What Does Korean-Southern Fusion Look Like? A High-End Salisbury Steak.

C as in Charlie's Seoul’sbury steak recipe doesn't belong in a Hungry Man

May 12, 2023 5:49 am
C as in Charlie's take on Salisbury steak.
An elevated take Salisbury steak has arrived in NYC.
C as in Charlie

Typically found in hospital canteens, school cafeterias and the compartments of TV dinners, Salisbury steak actually traces its roots back to the Civil War and Dr. James Henry Salisbury. During the war, Dr. Salisbury began testing his theory that living on a single food could boost wellness by feeding Union soldiers with upset stomachs “the muscle pulp of lean beef made into cakes and broiled.”

Years later, the good doctor published his findings in The Relation of Alimentation and Disease along with a recommendation that sick patients eat broiled ground beef at every meal for health reasons. Likely actually the cause of many upset stomachs, his 1888 book also included a recipe for what we now call Salisbury steak.

While Dr. Salisbury’s namesake dish is American, other countries have very similar versions including Germany’s frikadellen and Japan’s hambagu. In Korea, a somewhat close Salisbury substitute is fancy beef patties called tteok-galbi, which essentially translates to rice cake ribs.

Made with meat removed from beef short ribs, tteok-galbi is actually served with rice instead of rice cakes but takes that portion of its name from the method by which the circular patties are kneaded and formed. Originally a dish for royalty because it was believed it was not fitting for a king to bite meat off of a bone, tteok-galbi has a loftier status in Korea than Salisbury steak has in the U.S.

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Childhood best friends David JoonWoo Yun, Steve JaeWoo Choi and Eric JaeHo Choi, the team behind the Korean-Southern fusion C as in Charlie that opened in New York City in the fall, grew up in Atlanta eating a hybrid version of both dishes that was made in the Choi home using leftover hamburger patties that had gone unsold at the family’s American-style diner. A popular dish at the restaurant, Seoul’sbury Steak, pays homage to the dish the Choi brothers remember eating in their childhood home.

“There weren’t a lot of Korean supermarkets in the area where we grew up. There was nowhere to buy Korean ingredients, so we had to substitute American ingredients instead,” Yun tells InsideHook. “We went to school in America, so we were very familiar with American taste. Our parents were more used to cooking Korean food. Growing up eating both, I think it was kind of natural for us to blend the two.”

C as in Charlie's take on Salisbury steak.
C as in Charlie has a fancy recipe for Salisbury steak.
C as in Charlie

Served with a galbi jus on top, C as in Charlie‘s Seoul’sbury Steak arrives on a bed of Gruyere grits that nod to the Southern cuisine the guys grew up eating in Atlanta. “The Gruyere grits are a key component because we never have the steak by itself in Korea. We always have white rice,” Yun says. “We encourage our guests to have every bite with the grits to get a balance of cheesiness with a little bit of sweetness from the sauce. We recommend having all that mixed together in each bite.”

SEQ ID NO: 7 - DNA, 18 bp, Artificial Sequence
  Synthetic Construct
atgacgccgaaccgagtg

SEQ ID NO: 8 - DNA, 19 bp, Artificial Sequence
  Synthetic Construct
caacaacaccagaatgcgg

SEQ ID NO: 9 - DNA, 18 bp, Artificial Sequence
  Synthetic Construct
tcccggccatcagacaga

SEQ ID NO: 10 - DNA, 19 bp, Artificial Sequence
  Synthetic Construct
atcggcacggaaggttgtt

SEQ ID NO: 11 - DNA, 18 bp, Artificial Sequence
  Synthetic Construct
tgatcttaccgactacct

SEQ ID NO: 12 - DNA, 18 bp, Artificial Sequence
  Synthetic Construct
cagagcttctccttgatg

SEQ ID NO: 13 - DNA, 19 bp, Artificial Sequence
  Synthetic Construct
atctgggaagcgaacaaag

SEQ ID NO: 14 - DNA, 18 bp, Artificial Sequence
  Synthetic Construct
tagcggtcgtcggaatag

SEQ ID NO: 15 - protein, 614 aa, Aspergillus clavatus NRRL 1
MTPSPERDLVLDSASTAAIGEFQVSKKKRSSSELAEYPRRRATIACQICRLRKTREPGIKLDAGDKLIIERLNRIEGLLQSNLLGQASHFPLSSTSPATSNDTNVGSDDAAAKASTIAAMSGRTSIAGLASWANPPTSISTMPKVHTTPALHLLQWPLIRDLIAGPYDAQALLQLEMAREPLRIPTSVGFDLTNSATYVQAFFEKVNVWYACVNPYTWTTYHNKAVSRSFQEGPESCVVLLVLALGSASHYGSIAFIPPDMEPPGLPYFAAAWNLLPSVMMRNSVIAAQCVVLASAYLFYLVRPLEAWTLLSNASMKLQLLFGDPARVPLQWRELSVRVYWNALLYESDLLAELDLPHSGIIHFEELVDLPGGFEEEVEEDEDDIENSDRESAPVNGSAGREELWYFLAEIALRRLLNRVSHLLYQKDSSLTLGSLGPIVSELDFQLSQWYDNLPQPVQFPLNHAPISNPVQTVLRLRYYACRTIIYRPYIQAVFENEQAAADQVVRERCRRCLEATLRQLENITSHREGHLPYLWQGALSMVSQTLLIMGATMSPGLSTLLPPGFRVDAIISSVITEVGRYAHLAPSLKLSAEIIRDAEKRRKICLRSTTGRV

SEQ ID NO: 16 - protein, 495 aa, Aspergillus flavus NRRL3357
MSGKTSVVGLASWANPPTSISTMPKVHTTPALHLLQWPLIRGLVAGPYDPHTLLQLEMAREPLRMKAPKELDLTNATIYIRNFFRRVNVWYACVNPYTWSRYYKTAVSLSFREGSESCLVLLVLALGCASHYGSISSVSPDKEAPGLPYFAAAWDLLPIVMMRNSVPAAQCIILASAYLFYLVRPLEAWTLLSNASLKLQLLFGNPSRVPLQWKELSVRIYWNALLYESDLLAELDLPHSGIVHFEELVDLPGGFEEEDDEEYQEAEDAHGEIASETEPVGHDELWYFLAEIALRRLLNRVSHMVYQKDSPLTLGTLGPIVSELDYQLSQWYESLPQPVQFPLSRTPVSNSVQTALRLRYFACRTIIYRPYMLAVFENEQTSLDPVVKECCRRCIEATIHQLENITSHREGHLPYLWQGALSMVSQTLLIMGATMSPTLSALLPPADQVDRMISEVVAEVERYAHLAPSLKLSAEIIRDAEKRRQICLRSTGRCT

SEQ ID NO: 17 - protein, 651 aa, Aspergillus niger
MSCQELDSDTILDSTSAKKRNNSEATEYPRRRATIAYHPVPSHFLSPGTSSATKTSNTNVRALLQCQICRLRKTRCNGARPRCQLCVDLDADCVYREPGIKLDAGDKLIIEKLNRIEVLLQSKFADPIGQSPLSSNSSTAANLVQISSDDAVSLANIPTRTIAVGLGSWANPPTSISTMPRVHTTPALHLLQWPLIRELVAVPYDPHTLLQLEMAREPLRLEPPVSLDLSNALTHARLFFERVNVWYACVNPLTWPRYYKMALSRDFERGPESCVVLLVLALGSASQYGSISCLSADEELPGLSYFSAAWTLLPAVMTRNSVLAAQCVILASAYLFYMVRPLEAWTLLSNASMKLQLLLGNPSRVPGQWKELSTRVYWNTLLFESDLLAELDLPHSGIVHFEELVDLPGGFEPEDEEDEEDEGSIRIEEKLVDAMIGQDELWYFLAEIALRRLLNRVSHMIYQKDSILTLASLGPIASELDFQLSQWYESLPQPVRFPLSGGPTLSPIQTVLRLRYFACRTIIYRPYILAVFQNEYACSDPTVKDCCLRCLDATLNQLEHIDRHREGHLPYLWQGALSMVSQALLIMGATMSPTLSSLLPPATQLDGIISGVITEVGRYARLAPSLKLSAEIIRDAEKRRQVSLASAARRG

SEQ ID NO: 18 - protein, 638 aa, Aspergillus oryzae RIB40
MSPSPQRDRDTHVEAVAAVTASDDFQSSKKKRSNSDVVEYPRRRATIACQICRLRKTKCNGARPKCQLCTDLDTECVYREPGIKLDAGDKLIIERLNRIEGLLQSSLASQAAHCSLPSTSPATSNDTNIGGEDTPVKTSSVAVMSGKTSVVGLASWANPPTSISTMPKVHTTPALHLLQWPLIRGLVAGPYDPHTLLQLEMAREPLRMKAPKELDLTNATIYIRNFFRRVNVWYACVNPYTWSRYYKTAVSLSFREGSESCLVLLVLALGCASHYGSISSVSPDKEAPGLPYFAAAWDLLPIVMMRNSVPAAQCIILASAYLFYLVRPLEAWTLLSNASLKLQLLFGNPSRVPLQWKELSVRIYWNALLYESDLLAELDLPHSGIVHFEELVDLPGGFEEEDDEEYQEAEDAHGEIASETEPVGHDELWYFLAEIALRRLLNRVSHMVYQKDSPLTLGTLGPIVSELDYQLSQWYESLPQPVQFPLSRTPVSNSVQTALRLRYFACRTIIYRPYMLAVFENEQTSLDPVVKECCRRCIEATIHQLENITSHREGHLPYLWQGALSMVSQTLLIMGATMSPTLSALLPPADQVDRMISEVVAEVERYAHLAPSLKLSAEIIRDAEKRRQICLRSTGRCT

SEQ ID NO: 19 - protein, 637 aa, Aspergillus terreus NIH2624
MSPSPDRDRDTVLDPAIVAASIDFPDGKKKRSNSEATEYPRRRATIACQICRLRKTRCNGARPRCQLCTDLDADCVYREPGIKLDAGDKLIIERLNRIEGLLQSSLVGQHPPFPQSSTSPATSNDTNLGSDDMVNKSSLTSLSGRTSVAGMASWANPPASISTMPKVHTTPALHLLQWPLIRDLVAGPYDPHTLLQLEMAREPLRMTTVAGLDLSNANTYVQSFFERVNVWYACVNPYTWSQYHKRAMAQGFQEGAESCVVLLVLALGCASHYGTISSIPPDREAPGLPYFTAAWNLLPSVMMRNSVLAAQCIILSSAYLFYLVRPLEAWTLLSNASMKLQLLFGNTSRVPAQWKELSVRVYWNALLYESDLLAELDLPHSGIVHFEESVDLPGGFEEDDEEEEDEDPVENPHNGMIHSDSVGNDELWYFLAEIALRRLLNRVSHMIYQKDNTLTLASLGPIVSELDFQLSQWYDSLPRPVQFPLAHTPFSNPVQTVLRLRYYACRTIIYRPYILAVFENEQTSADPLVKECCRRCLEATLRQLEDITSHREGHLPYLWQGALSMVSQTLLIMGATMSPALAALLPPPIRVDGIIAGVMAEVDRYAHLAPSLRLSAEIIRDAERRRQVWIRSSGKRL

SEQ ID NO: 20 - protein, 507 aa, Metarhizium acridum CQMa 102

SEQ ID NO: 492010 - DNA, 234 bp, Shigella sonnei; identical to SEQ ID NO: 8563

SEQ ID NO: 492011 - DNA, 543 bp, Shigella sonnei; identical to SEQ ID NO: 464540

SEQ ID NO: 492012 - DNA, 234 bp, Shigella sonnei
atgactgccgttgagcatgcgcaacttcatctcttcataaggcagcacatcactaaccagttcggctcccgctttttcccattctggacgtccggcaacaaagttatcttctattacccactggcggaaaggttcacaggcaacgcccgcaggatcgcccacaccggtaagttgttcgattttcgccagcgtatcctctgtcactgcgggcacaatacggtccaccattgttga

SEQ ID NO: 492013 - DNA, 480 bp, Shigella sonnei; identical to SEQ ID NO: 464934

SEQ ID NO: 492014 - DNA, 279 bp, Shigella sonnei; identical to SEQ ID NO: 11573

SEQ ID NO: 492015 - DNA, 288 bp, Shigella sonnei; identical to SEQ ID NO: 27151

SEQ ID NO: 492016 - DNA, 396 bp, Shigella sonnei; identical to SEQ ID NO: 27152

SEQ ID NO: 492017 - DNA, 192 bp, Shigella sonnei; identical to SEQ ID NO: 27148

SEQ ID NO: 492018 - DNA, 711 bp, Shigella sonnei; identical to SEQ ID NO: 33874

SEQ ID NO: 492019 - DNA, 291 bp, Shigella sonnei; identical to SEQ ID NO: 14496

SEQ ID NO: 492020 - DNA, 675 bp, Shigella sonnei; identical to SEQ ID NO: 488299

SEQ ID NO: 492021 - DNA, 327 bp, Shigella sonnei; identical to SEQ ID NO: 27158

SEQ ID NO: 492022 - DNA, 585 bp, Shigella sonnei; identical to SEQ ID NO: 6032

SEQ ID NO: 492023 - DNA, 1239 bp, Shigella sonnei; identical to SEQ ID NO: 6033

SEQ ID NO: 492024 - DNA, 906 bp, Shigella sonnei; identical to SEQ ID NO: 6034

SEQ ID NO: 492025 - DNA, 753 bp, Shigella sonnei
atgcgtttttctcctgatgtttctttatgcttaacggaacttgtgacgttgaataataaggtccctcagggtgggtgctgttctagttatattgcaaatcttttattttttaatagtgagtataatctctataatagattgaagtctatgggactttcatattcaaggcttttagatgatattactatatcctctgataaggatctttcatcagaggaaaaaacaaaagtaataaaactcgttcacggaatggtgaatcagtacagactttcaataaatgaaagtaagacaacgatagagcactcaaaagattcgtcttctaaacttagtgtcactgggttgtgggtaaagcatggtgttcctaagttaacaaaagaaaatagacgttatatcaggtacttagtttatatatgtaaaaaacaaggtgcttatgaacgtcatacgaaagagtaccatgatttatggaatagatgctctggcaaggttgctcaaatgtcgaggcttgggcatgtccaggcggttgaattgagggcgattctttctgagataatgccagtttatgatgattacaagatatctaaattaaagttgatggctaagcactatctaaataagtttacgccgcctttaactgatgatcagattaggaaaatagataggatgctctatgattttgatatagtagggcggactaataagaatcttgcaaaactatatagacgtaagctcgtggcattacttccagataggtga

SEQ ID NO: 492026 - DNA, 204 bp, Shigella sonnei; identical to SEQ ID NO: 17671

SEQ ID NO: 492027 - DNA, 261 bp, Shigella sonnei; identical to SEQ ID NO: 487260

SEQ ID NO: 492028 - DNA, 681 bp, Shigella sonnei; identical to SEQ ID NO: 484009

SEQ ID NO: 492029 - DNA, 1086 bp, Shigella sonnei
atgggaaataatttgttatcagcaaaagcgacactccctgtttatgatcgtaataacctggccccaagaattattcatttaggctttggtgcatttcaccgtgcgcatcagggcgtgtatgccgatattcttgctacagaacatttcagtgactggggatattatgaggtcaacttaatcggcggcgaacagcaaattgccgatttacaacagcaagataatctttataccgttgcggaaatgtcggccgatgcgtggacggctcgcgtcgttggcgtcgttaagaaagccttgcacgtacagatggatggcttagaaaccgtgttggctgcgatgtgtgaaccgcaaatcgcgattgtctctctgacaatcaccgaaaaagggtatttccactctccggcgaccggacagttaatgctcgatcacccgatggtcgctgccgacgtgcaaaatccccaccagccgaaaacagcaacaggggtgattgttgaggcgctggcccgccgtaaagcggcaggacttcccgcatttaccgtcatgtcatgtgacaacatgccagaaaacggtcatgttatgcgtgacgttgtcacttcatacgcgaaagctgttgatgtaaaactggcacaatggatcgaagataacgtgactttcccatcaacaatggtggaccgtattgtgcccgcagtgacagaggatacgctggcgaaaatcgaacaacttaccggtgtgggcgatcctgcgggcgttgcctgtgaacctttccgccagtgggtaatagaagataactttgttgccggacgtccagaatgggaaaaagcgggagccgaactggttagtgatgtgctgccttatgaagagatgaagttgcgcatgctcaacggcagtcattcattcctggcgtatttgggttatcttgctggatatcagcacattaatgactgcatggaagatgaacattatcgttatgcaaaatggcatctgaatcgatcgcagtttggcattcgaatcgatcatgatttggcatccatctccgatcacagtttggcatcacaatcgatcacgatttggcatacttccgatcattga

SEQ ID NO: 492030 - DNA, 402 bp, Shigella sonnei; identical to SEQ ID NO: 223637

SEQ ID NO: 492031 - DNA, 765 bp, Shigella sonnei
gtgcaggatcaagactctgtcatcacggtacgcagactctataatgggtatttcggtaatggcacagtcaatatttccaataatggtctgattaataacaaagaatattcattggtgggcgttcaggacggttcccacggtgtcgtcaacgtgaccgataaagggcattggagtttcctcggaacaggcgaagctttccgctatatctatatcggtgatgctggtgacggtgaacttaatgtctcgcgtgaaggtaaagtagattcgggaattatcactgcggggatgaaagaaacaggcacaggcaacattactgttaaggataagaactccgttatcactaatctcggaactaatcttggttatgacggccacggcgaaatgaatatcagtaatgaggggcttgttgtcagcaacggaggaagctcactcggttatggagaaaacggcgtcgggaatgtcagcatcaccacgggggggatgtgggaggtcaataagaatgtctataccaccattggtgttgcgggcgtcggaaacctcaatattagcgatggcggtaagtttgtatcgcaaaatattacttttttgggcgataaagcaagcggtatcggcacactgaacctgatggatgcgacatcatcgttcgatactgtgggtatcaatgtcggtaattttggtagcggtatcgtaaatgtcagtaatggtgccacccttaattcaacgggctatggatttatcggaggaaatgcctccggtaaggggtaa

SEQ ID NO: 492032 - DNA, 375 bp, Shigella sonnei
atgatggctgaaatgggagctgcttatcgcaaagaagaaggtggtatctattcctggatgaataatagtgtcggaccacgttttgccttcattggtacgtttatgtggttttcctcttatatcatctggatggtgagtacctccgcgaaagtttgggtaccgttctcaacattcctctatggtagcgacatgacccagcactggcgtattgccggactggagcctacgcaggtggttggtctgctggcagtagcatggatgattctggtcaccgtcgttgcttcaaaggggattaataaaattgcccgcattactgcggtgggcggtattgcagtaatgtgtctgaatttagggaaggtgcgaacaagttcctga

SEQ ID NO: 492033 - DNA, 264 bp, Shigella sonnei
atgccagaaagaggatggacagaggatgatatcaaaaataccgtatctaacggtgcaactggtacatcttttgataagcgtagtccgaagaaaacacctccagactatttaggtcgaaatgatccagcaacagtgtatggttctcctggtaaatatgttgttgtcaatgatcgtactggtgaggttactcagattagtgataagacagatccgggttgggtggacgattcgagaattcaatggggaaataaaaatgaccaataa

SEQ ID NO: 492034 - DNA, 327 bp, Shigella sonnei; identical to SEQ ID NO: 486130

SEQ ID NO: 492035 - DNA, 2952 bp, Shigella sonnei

As it turns out, Yun and the staff at C as in Charlie often need to educate customers about the dish — and not just because of its unorthodox name. “We thought everyone in New York would know the original Salisbury steak, but I was surprised not a lot of people had actually had it before because the city is a melting pot. Some people are a little confused because it’s not really a steak, but we let them know the story and where the inspiration comes from. Some people are more looking for the story behind the food rather than the food itself. It’s not something they expected or were looking for and it’s really fun to see our customers surprised and satisfied.”

Seoul’sbury Steak

Prep Time: 35 minutes

Cook Time: 15 minutes

Total Time: 50 mins

Servings: 1 plate

  • For the Steak Patty
  • Ground beef (80 lean/20 fat) (2.5 oz.)
  • Japanese panko breadcrumbs (1.5 tbsp.)
  • Egg (1)
  • Caramelized onion (1/3 cup)
  • Black pepper, freshly ground (1 tsp.)
  • Salt (2 tsp.)
  • For the Sauce
  • Bone broth (0.5 tbsp.)
  • Soy sauce (1.5 tsp.)
  • Sugar (2 tsp.)
  • Water (1 tbsp.)
  • Butter (1 cube)
  • Garlic, minced (1 tsp.)
  • Ginger, minced (1 tsp.)
  • Black pepper, freshly ground (1 tsp.)
  • For the Sauce
  • Grits (1/3 oz or 1 2/3 tbsp.)
  • Heavy cream (1.5 oz)
  • Salt (1 tbsp.)
  • Gruyere cheese, grated (1 oz.)
  • Unsalted butter (2 cubes)
  • To prepare
    1. To make the sauce, mix all ingredients in a small saucepan and bring to a boil. Reduce heat and simmer until the sauce has thickened to your desired consistency.

    2. To make the grits, bring heavy cream to a simmer in a medium saucepan. Add grits gradually, whisking constantly to prevent lumps. Cook grits over low heat for about 20 minutes, stirring occasionally until they are tender and creamy. Add grated Gruyere cheese, unsalted butter, and salt to taste, and whisk until cheese is melted and fully incorporated. Keep warm until ready to serve.

    3. To make the steak patty, combine ground beef, Japanese panko breadcrumbs, egg, caramelized onion, black pepper, and salt in a mixing bowl. Mix well until all ingredients are fully incorporated. Form mixture into hamburger patty form.

    4. Preheat oven to 300 degrees. Grill the hamburger patty in the oven for 8 minutes, then flip it over and grill for an additional 5 minutes, or until cooked to your desired doneness.

    5. To assemble, place the grits on a round plate. Add the cooked steak patty on top and pour over the sauce. Serve immediately.


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